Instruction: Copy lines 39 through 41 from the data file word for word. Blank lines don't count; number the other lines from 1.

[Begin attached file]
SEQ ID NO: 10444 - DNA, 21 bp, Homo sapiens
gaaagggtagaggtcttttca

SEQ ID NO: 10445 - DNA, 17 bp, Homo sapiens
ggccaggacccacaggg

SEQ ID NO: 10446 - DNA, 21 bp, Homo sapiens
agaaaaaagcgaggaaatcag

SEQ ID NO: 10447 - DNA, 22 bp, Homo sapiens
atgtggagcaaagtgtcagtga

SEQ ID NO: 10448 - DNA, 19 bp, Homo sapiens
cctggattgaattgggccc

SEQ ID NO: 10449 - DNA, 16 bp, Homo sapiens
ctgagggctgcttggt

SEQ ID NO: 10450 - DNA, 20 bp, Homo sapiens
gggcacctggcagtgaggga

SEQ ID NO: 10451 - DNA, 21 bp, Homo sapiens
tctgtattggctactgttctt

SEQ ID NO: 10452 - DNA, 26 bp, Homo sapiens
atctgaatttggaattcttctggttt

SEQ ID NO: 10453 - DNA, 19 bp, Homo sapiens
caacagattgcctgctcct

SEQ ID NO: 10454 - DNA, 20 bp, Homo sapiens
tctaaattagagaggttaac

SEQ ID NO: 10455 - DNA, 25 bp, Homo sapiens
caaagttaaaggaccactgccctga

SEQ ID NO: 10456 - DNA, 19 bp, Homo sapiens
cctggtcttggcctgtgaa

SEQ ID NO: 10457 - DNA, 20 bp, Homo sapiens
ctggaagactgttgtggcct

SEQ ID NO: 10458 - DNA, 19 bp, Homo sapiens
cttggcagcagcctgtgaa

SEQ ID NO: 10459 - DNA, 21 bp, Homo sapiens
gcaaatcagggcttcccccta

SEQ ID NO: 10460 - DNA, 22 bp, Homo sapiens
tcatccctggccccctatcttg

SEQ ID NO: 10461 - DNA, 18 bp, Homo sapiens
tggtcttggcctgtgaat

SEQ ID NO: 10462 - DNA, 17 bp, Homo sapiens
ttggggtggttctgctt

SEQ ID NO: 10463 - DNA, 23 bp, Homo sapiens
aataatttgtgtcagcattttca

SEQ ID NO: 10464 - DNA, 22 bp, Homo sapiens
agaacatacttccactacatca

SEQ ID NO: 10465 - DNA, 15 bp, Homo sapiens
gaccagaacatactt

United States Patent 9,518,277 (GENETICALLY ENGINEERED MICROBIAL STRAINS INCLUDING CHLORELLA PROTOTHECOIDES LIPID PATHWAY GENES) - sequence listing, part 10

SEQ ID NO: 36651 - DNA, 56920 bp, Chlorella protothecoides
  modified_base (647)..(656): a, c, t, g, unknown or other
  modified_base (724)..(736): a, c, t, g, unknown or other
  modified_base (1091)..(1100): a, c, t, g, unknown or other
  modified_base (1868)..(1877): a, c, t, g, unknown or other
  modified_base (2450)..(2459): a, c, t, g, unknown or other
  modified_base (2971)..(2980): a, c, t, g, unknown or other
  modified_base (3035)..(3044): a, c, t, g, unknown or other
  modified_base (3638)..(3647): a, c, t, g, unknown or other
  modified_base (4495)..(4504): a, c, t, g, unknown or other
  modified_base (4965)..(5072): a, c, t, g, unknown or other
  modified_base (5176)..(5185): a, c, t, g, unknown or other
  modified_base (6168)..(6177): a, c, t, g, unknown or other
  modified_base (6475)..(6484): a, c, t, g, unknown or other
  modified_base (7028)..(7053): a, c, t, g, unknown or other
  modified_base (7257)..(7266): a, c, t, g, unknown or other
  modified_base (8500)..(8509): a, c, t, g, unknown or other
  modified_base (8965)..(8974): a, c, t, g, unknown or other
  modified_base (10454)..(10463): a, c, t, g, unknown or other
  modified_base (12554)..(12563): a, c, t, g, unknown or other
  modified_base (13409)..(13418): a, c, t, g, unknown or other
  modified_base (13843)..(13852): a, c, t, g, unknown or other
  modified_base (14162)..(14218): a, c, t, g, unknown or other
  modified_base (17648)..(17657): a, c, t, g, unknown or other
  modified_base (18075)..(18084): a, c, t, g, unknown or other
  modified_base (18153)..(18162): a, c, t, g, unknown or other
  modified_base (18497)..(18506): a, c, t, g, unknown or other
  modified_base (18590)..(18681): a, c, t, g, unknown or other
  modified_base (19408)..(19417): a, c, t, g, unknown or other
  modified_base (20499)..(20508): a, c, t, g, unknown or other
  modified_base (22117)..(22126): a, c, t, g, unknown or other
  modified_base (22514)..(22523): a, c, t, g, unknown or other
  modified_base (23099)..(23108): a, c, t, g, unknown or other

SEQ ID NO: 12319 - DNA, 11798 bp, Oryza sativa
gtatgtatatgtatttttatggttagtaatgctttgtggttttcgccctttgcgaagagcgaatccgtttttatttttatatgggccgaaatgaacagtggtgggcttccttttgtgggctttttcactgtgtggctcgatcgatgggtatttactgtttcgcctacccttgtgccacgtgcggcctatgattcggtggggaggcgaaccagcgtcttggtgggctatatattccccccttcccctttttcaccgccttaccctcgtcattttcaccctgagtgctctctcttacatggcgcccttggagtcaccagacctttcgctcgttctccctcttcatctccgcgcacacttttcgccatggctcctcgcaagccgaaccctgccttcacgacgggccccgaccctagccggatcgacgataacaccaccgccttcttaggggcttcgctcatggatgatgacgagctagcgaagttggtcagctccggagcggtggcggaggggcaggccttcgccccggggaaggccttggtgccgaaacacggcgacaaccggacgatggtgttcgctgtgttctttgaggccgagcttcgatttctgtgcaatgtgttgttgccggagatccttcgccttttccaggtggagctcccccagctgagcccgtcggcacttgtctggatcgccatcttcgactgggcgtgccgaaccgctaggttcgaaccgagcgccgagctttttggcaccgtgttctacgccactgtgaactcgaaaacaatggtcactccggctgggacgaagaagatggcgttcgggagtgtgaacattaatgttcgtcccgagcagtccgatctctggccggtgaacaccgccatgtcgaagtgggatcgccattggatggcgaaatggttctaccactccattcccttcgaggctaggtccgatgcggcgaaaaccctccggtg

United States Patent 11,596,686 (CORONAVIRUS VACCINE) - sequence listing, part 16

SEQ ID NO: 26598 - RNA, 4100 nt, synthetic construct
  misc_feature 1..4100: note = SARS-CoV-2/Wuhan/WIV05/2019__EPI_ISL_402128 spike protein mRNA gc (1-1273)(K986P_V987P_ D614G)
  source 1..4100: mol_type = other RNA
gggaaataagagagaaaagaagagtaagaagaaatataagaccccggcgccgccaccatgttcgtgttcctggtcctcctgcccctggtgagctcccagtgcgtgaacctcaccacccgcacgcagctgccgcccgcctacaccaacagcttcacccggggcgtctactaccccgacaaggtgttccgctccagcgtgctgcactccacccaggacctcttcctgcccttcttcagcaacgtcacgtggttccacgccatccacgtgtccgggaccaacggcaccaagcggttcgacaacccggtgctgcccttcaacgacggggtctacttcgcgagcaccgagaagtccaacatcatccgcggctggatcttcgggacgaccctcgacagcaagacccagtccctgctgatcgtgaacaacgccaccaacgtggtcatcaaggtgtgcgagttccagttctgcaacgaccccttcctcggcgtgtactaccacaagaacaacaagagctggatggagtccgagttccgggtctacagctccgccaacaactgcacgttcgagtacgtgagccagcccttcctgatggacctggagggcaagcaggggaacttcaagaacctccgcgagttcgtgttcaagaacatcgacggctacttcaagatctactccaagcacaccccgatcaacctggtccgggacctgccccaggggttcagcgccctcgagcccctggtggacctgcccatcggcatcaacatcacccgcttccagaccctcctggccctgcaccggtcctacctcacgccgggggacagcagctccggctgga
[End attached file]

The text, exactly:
SEQ ID NO: 10463 - DNA, 23 bp, Homo sapiens
aataatttgtgtcagcattttca

SEQ ID NO: 10464 - DNA, 22 bp, Homo sapiens